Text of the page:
Wearing a Uniform to a Funeral
In many organizations and service professions, it is customary to wear your uniform to the funeral of a member or the loved one of a member. Wearing a uniform to a funeral shows comradery and support for your fellow member, or for their loved one.
The men and women who have served in the military are often honored at their funeral with military service and presence. The military, in all branches, have customs that govern their etiquette at a funeral.
For the military, dress uniforms or service uniforms may be worn. Battle dress is not allowed. Your uniform should include all decorations, medals, badges, ribbons and insignia, although active personnel should defer to the commanding officer's directive. Retired servicemen and women may wear uniforms with the insignias and rank held at the time of retirement. Color guards and a 21 gun salute are often common
If you are wearing a hat, you should salute when the hearse passes you, and during the lowering of the casket into the ground. If you are not wearing a hat, place your hand over your heart; only during “Taps” and the gun salute.
The funeral of a police officer is often honored with police presence. Whether or not they passed in the line of duty, it is common for other officers to attend, in uniform. When the officer dies in the line of duty, extensive funerals are often held, with the family’s wishes, of course.
Full military-style honors are made available to those heroes who fall in the line of duty, starting with a casket watch. The duty of those who have the high honor of casket watch is to stand vigil during the wake or viewing.
Uniforms may be altered for the funeral. The most common type of alteration is the shrouded badge; where a piece of black tape or cloth is placed across a badge horizontally. Each precinct, city, or state will have their own orders and plans for the honoring of officers. A color guard is often present.
Firefighters, have their own customs for funerals, often separate from the police. However, in the event that the firefighter died in the line of duty, they will be given full military-style honors.
In most cases, formalwear or the Class A uniform is proper. Badge shrouding is also common for the firefighters. Many firehouses will have their own traditions when they lose a member; such as tolling the firehouse bell.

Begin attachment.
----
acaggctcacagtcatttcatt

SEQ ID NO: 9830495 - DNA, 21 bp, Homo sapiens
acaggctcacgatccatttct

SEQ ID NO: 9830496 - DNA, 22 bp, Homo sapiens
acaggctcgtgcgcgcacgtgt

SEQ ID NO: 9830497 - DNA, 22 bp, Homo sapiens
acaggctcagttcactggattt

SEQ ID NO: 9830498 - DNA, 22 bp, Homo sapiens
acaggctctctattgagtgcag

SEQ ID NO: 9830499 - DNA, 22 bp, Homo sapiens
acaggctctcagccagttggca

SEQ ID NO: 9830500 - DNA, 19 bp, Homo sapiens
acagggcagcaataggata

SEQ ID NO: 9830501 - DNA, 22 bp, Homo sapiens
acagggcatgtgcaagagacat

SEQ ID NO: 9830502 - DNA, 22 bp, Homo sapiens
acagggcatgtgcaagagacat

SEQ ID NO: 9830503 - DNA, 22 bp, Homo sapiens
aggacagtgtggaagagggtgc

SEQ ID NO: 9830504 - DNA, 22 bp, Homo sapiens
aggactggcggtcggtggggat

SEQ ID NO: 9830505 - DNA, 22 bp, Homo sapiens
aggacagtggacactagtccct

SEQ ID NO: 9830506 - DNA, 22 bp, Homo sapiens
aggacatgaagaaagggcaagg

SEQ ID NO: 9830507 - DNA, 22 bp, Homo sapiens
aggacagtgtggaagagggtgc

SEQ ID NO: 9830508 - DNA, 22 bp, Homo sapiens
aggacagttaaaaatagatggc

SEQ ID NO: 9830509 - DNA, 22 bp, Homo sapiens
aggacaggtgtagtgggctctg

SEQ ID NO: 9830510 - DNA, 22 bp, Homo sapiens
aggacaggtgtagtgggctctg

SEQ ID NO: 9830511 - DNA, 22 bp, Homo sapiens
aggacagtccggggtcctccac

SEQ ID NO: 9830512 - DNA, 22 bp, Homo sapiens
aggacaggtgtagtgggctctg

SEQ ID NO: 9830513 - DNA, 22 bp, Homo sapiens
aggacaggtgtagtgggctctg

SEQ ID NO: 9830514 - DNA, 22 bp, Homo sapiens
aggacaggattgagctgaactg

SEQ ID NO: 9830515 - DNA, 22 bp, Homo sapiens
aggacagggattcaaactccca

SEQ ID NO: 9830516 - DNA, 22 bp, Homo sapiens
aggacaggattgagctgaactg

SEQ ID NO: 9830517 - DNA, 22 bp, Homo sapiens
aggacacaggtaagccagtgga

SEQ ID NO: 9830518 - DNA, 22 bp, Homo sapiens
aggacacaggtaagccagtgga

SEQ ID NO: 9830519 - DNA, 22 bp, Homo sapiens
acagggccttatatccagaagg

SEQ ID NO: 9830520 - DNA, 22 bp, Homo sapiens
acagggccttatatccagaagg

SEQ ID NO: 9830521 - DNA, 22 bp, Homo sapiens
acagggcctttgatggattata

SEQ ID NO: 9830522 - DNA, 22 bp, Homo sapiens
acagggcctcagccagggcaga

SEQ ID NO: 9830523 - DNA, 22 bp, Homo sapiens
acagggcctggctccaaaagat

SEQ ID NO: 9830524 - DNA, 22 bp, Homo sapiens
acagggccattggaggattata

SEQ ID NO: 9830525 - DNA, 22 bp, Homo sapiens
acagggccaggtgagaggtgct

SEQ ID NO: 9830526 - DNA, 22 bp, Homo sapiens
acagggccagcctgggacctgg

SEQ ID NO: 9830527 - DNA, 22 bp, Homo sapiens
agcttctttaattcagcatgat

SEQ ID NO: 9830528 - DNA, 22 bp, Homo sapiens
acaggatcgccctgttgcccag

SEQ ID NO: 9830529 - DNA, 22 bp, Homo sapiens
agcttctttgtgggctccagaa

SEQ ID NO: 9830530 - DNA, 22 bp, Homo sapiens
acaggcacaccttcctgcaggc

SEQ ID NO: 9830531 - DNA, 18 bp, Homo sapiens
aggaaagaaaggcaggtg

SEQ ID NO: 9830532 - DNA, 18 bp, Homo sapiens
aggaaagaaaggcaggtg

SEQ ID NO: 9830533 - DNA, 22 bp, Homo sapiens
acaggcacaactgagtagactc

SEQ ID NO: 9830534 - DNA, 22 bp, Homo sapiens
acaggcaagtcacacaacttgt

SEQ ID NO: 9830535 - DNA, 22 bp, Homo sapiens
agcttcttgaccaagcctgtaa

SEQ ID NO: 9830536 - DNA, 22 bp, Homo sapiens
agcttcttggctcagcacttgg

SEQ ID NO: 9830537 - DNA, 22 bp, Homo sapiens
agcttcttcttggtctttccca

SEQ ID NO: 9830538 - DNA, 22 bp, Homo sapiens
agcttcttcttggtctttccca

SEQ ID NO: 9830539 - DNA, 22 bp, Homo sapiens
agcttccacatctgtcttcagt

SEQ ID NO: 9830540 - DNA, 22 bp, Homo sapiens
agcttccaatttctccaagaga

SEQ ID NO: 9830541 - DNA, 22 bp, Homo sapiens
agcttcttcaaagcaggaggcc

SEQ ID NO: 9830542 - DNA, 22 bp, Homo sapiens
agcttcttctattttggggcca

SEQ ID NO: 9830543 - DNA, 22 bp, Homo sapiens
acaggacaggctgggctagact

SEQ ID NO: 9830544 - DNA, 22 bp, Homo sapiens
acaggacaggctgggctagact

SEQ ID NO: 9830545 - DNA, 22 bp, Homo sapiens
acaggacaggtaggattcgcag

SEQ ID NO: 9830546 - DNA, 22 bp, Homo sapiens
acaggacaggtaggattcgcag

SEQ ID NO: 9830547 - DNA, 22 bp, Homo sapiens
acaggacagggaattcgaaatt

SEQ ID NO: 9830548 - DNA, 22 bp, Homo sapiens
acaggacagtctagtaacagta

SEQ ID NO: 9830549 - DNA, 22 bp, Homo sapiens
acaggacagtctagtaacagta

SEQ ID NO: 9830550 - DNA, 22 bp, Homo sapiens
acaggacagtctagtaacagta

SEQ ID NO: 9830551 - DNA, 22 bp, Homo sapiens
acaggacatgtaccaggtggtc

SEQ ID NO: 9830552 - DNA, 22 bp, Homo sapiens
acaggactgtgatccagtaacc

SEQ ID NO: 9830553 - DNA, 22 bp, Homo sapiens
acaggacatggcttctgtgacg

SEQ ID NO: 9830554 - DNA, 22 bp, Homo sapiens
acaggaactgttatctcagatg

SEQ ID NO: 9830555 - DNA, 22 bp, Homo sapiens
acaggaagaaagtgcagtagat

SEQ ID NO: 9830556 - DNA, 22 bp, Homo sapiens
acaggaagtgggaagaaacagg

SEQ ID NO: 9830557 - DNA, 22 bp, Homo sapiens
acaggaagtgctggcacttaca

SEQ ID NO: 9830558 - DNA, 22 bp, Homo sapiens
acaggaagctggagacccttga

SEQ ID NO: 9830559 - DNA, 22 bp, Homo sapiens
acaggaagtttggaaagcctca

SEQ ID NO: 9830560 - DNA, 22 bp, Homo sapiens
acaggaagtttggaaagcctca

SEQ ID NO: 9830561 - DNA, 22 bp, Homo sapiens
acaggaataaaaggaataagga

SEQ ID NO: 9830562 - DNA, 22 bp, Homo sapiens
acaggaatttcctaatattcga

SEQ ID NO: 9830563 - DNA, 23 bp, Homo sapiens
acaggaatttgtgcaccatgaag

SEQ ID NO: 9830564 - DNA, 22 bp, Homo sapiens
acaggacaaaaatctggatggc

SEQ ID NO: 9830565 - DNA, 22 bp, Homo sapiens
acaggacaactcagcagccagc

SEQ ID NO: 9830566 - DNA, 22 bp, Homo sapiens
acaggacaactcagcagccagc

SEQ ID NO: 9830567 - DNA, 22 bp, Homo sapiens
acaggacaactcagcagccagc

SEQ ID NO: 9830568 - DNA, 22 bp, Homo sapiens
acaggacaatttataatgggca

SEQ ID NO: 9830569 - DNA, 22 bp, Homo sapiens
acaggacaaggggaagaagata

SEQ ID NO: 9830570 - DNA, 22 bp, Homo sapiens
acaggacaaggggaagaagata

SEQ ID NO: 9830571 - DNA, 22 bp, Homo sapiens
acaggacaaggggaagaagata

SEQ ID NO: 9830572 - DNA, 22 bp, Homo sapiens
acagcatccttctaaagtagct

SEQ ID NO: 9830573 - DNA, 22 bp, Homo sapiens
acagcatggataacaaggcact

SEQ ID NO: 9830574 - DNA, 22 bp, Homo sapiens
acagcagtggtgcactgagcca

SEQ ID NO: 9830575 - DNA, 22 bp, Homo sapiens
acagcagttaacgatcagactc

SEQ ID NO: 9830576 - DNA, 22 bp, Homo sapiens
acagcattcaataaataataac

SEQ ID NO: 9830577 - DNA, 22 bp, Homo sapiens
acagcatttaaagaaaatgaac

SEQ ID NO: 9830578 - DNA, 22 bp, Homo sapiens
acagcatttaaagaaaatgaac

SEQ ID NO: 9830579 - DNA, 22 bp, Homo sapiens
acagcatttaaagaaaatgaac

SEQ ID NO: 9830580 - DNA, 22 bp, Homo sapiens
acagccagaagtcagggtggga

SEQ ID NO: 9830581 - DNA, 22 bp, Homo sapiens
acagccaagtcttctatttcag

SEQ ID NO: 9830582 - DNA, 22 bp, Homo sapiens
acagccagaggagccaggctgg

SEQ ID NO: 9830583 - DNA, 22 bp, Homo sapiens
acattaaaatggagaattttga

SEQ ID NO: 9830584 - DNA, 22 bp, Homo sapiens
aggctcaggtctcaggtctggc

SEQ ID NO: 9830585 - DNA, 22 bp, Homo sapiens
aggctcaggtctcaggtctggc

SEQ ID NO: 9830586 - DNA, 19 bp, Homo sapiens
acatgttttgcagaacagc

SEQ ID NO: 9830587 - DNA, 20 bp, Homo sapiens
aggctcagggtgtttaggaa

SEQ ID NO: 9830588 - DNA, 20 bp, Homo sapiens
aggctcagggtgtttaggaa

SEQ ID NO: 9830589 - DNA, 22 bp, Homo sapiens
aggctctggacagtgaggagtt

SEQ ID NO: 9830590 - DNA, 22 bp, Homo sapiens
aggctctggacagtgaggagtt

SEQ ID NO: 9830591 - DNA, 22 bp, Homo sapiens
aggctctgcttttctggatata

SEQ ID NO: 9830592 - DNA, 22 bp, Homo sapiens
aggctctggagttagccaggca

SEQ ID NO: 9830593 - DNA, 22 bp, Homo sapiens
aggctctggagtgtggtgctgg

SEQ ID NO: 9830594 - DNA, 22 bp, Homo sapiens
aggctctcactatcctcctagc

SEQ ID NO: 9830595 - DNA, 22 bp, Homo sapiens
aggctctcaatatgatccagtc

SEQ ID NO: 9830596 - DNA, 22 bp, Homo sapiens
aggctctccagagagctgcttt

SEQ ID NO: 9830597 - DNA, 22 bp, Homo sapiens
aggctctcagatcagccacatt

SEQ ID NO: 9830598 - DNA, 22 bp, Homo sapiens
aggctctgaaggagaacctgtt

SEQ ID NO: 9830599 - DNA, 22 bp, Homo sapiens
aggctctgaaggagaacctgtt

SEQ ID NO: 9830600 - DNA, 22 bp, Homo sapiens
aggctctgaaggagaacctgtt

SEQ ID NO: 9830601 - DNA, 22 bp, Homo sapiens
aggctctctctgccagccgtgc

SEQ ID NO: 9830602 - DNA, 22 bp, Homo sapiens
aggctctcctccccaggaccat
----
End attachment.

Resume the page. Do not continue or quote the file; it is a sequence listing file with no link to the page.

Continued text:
The Boy Scouts of America
Scouting is deeply rooted in tradition. Many scout units will attend the funeral of a fellow scout, or a scout’s family member in their full Class A uniform, with long pants. If the scout is not wearing uniform, then they should be in formalwear. If the deceased was a member of the Order of the Arrow, then OA sashes may be worn. Medals and awards of training distinction, such as the Eagle Scout pin and the Wood Badge Beads may be worn on the uniform.
It is not customary or required for the BSA to provide a color guard or “Taps” during a funeral. If the family requests it, the unit should provide one if possible. There are no official “Scouting Funeral Services.”
Other Clubs or Groups
People across the nation, and the world, are part of volunteer and service clubs; like the Kiwanis, Rotary International, the Elks, the Freemasons, et cetera. Each club or organization will have their own customs and rules regarding etiquette for a funeral. It may be as simple as wearing a pin on your lapel, or another distinction. It is important to check with the family before organizing members for a presence at the funeral. Speak with your chapter president, look into the chapter bylaws, or look at the organization’s national rules in regards to funerals; for more information.
For almost 50 years, Matthew Funeral Home has been serving the Staten Island community. We can help with almost every aspect of your loved one’s memorial service. Our family is here to serve yours, every step of the way.